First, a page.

How often do we hear or use the phrase that people “want to know where their food comes from”? Though it can sometimes feel overused, we know that it’s the truth as shoppers become less and less familiar with modern farming and there is more need for producers to connect with consumers.
The sentiment becomes especially true when people are purchasing food that was produced thousands of miles away. Marilyn Hershey shared that thought on the January 19 Hoard’s Dairyman DairyLivestream as she described the value of meeting dairy buyers and users on a recent U.S. Dairy Export Council (USDEC) trade mission to Dubai in the United Arab Emirates.
“I think other countries and other areas of the world do a good job with that, and we really had to step it up and showcase U.S. cheeses to make sure that people know that the quality product they’re getting is from the United States,” the Pennsylvania dairy farmer said.
Roughly 17% of U.S. milk production was exported to other countries in 2021, and all of the panelists of the webcast emphasized that connecting with the people doing that buying is critical to strengthen the relationship and help both parties thrive. That’s precisely why USDEC facilitates trade missions that showcase U.S. dairy farmers and the work they do.
Texas dairy farmer Larry Hancock, who also chairs the USDEC board of directors, described that one of his favorite parts of the five-day visit in Dubai was stopping by the U.S. consulate and meeting with the agricultural staff there. “I thought it was really important that they knew we were there and cared enough to take off the time and the effort to travel there,” he said. “It showed that we were committed to exporting and that we supported the USDEC staff that were in-country.”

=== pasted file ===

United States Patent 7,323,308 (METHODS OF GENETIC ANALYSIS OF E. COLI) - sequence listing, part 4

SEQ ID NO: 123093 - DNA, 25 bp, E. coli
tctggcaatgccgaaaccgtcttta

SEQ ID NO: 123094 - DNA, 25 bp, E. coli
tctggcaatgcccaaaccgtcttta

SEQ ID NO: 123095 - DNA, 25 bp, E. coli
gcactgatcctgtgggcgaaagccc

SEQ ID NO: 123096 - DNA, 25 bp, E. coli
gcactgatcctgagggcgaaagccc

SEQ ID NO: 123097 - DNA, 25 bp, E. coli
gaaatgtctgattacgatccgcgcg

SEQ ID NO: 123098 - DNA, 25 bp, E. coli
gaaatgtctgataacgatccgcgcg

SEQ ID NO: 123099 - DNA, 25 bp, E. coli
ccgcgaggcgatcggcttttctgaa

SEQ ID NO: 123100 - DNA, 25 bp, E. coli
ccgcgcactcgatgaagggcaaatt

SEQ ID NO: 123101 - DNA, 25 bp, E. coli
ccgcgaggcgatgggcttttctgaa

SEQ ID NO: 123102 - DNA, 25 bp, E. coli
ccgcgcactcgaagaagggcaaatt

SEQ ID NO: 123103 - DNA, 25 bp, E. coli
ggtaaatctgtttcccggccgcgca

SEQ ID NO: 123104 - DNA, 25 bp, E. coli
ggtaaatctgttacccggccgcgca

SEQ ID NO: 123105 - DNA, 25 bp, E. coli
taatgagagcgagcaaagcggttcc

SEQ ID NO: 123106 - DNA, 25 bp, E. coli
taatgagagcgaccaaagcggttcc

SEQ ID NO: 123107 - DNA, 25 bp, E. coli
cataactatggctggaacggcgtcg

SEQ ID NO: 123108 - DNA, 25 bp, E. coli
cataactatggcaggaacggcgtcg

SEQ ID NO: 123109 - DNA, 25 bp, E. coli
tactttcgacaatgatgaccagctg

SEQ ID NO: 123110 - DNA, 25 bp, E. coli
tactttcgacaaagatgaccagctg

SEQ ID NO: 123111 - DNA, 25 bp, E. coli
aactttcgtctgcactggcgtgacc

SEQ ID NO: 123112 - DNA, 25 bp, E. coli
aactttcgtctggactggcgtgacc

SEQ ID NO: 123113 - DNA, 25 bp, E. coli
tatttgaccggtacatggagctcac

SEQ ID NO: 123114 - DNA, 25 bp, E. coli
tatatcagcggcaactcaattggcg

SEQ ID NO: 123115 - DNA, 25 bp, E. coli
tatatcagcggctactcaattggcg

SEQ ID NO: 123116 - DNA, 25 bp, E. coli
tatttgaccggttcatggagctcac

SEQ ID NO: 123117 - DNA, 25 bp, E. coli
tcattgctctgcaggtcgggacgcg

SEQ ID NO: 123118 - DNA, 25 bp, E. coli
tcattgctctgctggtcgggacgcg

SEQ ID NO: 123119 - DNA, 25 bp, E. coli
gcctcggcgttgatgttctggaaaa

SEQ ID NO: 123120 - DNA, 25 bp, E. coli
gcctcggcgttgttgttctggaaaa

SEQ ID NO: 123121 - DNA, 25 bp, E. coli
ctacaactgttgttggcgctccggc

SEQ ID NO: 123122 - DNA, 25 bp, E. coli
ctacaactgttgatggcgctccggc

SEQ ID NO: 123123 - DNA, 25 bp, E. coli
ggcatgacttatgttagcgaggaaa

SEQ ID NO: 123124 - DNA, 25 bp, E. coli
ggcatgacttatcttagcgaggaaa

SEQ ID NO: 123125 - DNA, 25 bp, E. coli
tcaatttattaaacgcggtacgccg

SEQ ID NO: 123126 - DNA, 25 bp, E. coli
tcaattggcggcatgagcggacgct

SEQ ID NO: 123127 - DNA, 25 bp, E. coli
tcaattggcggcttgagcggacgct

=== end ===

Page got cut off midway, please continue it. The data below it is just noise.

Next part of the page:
“Everywhere I went, I was told about the quality of the U.S. dairy products that they get,” Hancock said.
Becky Levzow, a Wisconsin dairy farmer, echoed that comment and added that those who bought U.S. dairy were also impressed with the variety available. She talked to people who were surprised to learn that more than 1,000 types of cheeses are produced in the U.S. “We have a lot to offer,” she emphasized.
In the field of food, which is full of competition among products with different characteristics, developing relationships goes hand in hand with quality and variety to make strong partnerships and opportunities for the people making and processing dairy foods. “Now you’re building relationships that give people a reason to look at your product,” summarized Cornell University economist Andy Novakovic.
To watch the recording of the January 19 DairyLivestream, go to the link above. The program recording is also available as an audio-only podcast on Spotify, Google Podcasts, Apple Podcasts, and downloadable from the Hoard’s Dairyman website.
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